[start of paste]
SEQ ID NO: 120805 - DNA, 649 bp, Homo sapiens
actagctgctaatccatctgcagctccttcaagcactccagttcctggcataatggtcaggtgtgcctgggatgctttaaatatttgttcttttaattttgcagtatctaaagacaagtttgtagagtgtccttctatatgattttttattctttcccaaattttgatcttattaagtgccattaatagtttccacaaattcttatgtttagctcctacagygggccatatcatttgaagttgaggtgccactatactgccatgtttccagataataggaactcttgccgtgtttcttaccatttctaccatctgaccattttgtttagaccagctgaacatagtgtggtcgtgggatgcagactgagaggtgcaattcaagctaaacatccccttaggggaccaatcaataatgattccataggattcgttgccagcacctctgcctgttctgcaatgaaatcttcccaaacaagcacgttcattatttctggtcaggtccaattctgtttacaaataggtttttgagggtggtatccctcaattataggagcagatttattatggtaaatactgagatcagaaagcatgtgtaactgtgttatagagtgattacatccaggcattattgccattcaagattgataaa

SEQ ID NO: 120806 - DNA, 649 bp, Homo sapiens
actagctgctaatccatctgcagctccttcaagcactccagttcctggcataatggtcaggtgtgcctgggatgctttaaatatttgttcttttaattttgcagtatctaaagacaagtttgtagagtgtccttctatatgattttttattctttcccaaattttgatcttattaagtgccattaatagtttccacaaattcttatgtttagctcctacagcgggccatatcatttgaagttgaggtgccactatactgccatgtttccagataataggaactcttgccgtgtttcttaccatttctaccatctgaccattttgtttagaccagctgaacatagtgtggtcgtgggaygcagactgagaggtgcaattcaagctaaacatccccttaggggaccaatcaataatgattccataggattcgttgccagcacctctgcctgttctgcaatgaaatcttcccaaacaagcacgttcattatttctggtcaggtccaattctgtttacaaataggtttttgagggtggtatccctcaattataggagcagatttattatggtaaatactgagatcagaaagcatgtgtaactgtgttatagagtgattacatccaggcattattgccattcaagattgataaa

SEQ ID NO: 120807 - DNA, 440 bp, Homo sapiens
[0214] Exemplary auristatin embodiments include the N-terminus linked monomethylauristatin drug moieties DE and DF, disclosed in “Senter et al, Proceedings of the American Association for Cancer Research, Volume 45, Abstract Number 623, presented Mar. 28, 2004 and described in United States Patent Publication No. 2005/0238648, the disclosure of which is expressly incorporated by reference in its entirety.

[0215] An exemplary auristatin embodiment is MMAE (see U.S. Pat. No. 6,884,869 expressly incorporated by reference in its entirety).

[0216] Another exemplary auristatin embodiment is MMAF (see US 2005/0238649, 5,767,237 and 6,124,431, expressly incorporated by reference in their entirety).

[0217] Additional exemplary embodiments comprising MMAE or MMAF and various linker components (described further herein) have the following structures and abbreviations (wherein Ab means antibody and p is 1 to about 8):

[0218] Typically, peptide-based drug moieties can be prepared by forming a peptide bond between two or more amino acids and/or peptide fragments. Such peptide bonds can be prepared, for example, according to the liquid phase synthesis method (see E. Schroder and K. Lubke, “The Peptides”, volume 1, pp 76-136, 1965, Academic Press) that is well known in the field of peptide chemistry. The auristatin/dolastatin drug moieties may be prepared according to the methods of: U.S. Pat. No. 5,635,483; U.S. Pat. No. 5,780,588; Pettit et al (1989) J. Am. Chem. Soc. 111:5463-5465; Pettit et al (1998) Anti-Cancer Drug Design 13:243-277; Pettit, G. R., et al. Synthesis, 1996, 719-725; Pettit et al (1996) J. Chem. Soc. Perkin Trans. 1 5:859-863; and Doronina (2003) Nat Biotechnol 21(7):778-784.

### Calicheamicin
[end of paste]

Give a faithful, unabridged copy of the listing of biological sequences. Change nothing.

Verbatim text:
SEQ ID NO: 120805 - DNA, 649 bp, Homo sapiens
actagctgctaatccatctgcagctccttcaagcactccagttcctggcataatggtcaggtgtgcctgggatgctttaaatatttgttcttttaattttgcagtatctaaagacaagtttgtagagtgtccttctatatgattttttattctttcccaaattttgatcttattaagtgccattaatagtttccacaaattcttatgtttagctcctacagygggccatatcatttgaagttgaggtgccactatactgccatgtttccagataataggaactcttgccgtgtttcttaccatttctaccatctgaccattttgtttagaccagctgaacatagtgtggtcgtgggatgcagactgagaggtgcaattcaagctaaacatccccttaggggaccaatcaataatgattccataggattcgttgccagcacctctgcctgttctgcaatgaaatcttcccaaacaagcacgttcattatttctggtcaggtccaattctgtttacaaataggtttttgagggtggtatccctcaattataggagcagatttattatggtaaatactgagatcagaaagcatgtgtaactgtgttatagagtgattacatccaggcattattgccattcaagattgataaa

SEQ ID NO: 120806 - DNA, 649 bp, Homo sapiens
actagctgctaatccatctgcagctccttcaagcactccagttcctggcataatggtcaggtgtgcctgggatgctttaaatatttgttcttttaattttgcagtatctaaagacaagtttgtagagtgtccttctatatgattttttattctttcccaaattttgatcttattaagtgccattaatagtttccacaaattcttatgtttagctcctacagcgggccatatcatttgaagttgaggtgccactatactgccatgtttccagataataggaactcttgccgtgtttcttaccatttctaccatctgaccattttgtttagaccagctgaacatagtgtggtcgtgggaygcagactgagaggtgcaattcaagctaaacatccccttaggggaccaatcaataatgattccataggattcgttgccagcacctctgcctgttctgcaatgaaatcttcccaaacaagcacgttcattatttctggtcaggtccaattctgtttacaaataggtttttgagggtggtatccctcaattataggagcagatttattatggtaaatactgagatcagaaagcatgtgtaactgtgttatagagtgattacatccaggcattattgccattcaagattgataaa

SEQ ID NO: 120807 - DNA, 440 bp, Homo sapiens
[0214] Exemplary auristatin embodiments include the N-terminus linked monomethylauristatin drug moieties DE and DF, disclosed in “Senter et al, Proceedings of the American Association for Cancer Research, Volume 45, Abstract Number 623, presented Mar. 28, 2004 and described in United States Patent Publication No. 2005/0238648, the disclosure of which is expressly incorporated by reference in its entirety.

[0215] An exemplary auristatin embodiment is MMAE (see U.S. Pat. No. 6,884,869 expressly incorporated by reference in its entirety).

[0216] Another exemplary auristatin embodiment is MMAF (see US 2005/0238649, 5,767,237 and 6,124,431, expressly incorporated by reference in their entirety).

[0217] Additional exemplary embodiments comprising MMAE or MMAF and various linker components (described further herein) have the following structures and abbreviations (wherein Ab means antibody and p is 1 to about 8):

[0218] Typically, peptide-based drug moieties can be prepared by forming a peptide bond between two or more amino acids and/or peptide fragments. Such peptide bonds can be prepared, for example, according to the liquid phase synthesis method (see E. Schroder and K. Lubke, “The Peptides”, volume 1, pp 76-136, 1965, Academic Press) that is well known in the field of peptide chemistry. The auristatin/dolastatin drug moieties may be prepared according to the methods of: U.S. Pat. No. 5,635,483; U.S. Pat. No. 5,780,588; Pettit et al (1989) J. Am. Chem. Soc. 111:5463-5465; Pettit et al (1998) Anti-Cancer Drug Design 13:243-277; Pettit, G. R., et al. Synthesis, 1996, 719-725; Pettit et al (1996) J. Chem. Soc. Perkin Trans. 1 5:859-863; and Doronina (2003) Nat Biotechnol 21(7):778-784.

### Calicheamicin